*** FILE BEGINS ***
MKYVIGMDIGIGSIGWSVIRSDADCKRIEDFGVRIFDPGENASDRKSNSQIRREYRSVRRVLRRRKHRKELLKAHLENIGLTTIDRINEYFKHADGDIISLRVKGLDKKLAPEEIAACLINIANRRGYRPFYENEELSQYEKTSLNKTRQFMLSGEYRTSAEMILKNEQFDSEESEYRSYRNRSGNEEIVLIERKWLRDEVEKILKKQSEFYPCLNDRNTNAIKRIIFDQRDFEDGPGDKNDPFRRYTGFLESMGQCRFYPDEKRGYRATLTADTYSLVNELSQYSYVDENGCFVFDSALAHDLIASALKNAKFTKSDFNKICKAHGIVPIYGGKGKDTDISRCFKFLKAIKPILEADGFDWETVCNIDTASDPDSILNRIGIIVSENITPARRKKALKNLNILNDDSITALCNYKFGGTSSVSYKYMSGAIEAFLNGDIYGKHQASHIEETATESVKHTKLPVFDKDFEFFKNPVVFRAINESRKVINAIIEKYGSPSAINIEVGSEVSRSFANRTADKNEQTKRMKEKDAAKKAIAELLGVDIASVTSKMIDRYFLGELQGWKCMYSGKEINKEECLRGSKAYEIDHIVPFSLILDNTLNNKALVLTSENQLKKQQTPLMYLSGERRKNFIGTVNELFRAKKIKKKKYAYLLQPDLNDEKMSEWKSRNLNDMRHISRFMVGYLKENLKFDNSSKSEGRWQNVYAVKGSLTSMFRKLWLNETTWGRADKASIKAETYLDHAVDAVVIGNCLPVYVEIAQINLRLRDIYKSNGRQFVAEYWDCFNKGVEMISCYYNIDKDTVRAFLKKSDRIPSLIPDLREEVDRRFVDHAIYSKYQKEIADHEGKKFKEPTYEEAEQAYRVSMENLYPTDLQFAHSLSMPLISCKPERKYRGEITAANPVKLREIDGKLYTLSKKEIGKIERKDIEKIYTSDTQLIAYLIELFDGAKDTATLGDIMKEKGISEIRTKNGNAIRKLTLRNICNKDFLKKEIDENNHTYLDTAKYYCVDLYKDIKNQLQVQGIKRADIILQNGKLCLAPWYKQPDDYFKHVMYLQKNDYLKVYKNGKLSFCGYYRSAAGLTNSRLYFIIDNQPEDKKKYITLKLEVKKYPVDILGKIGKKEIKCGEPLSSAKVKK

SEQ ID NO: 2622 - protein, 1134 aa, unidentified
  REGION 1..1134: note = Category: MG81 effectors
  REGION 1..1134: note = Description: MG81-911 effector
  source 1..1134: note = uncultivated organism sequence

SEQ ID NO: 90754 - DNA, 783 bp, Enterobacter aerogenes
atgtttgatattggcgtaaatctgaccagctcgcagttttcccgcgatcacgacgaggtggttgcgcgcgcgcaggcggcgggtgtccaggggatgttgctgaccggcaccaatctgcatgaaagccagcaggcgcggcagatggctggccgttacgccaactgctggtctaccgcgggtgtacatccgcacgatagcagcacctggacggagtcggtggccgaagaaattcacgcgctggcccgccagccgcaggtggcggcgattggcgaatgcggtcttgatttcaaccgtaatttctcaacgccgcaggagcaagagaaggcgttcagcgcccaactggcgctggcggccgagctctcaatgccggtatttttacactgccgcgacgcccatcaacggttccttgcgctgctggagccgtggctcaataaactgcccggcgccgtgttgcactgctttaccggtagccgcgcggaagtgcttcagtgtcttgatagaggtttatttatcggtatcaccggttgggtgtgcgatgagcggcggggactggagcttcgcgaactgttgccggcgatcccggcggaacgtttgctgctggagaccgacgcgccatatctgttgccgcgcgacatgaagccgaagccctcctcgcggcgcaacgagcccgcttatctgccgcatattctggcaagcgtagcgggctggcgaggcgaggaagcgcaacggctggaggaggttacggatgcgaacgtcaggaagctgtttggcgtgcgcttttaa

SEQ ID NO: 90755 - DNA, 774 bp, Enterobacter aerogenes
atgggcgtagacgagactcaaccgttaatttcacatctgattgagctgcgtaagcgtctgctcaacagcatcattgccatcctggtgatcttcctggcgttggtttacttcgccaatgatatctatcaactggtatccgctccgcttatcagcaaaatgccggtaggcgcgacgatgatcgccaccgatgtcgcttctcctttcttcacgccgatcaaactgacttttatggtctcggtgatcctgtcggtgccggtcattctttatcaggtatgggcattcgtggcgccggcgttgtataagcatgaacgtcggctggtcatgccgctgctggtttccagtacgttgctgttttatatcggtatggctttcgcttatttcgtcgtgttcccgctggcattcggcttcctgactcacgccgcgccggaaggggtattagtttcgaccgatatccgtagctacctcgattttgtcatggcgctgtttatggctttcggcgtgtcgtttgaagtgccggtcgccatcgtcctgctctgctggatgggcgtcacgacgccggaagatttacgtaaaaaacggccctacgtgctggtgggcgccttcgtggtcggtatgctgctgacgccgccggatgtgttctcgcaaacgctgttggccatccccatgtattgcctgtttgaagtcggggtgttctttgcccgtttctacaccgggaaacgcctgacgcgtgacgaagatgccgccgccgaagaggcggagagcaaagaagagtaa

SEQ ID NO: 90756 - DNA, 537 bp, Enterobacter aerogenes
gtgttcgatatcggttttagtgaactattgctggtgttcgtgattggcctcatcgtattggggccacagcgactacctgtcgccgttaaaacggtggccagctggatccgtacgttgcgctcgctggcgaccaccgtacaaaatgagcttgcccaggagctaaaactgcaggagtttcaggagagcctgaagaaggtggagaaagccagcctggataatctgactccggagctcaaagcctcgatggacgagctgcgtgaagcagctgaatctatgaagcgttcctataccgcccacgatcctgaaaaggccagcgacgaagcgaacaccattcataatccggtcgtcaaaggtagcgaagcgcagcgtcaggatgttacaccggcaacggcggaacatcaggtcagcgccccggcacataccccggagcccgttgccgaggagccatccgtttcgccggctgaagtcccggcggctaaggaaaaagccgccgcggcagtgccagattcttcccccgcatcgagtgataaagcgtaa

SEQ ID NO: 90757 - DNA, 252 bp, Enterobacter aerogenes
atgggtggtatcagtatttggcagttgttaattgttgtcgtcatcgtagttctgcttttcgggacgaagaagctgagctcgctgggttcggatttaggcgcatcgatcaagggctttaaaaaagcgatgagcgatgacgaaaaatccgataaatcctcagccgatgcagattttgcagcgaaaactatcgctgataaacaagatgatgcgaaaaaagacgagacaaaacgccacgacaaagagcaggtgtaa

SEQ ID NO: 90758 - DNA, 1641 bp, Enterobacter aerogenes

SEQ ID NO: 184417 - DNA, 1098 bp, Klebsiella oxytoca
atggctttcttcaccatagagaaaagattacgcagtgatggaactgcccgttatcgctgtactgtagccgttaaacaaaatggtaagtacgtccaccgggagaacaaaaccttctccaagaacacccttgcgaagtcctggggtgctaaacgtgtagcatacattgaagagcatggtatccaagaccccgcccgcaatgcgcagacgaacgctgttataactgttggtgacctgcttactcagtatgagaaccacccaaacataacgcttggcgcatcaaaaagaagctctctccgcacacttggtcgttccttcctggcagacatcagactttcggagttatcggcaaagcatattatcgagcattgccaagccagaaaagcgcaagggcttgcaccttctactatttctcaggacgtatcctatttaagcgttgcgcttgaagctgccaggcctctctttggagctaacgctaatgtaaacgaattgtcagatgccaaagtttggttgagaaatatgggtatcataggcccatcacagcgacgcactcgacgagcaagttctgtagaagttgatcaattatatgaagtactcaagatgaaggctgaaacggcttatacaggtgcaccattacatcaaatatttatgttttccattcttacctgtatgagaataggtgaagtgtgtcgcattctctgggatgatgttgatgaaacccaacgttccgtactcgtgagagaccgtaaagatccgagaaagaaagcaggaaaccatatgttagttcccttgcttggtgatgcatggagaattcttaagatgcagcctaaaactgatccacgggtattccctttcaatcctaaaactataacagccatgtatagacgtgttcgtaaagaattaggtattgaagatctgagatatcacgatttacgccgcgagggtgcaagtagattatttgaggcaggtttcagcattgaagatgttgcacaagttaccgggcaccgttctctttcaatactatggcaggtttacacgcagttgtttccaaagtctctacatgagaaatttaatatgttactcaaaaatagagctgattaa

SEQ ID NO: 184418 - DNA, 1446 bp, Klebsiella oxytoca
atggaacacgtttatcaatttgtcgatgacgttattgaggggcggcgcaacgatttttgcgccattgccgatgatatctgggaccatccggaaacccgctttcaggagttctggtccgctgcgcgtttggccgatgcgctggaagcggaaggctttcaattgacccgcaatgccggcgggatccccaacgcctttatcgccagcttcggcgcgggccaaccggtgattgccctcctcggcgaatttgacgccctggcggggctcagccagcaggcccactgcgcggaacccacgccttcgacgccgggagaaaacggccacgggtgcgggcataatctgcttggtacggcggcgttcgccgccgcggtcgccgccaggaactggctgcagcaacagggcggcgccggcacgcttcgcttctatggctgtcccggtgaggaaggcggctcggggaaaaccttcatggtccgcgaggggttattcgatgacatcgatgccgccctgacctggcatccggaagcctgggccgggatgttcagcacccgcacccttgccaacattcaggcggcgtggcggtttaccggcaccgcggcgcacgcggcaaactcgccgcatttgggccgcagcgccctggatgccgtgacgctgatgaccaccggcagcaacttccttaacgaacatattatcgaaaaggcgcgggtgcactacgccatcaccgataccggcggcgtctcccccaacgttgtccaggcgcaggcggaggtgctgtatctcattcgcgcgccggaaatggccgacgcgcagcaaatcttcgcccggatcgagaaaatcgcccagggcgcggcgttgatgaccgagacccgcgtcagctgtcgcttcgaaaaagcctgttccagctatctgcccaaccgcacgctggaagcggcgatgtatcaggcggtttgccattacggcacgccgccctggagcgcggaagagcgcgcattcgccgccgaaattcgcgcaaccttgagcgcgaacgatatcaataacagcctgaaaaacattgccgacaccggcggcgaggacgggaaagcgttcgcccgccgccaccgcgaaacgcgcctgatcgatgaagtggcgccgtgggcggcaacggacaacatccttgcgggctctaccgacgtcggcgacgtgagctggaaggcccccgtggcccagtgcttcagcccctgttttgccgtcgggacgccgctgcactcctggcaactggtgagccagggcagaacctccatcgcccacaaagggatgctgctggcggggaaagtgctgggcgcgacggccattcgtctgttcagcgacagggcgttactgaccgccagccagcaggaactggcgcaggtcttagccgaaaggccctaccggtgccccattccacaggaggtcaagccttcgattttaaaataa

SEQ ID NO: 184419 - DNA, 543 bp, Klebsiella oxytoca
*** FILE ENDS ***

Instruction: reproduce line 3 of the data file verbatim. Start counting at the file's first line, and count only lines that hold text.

  REGION 1..1134: note = Category: MG81 effectors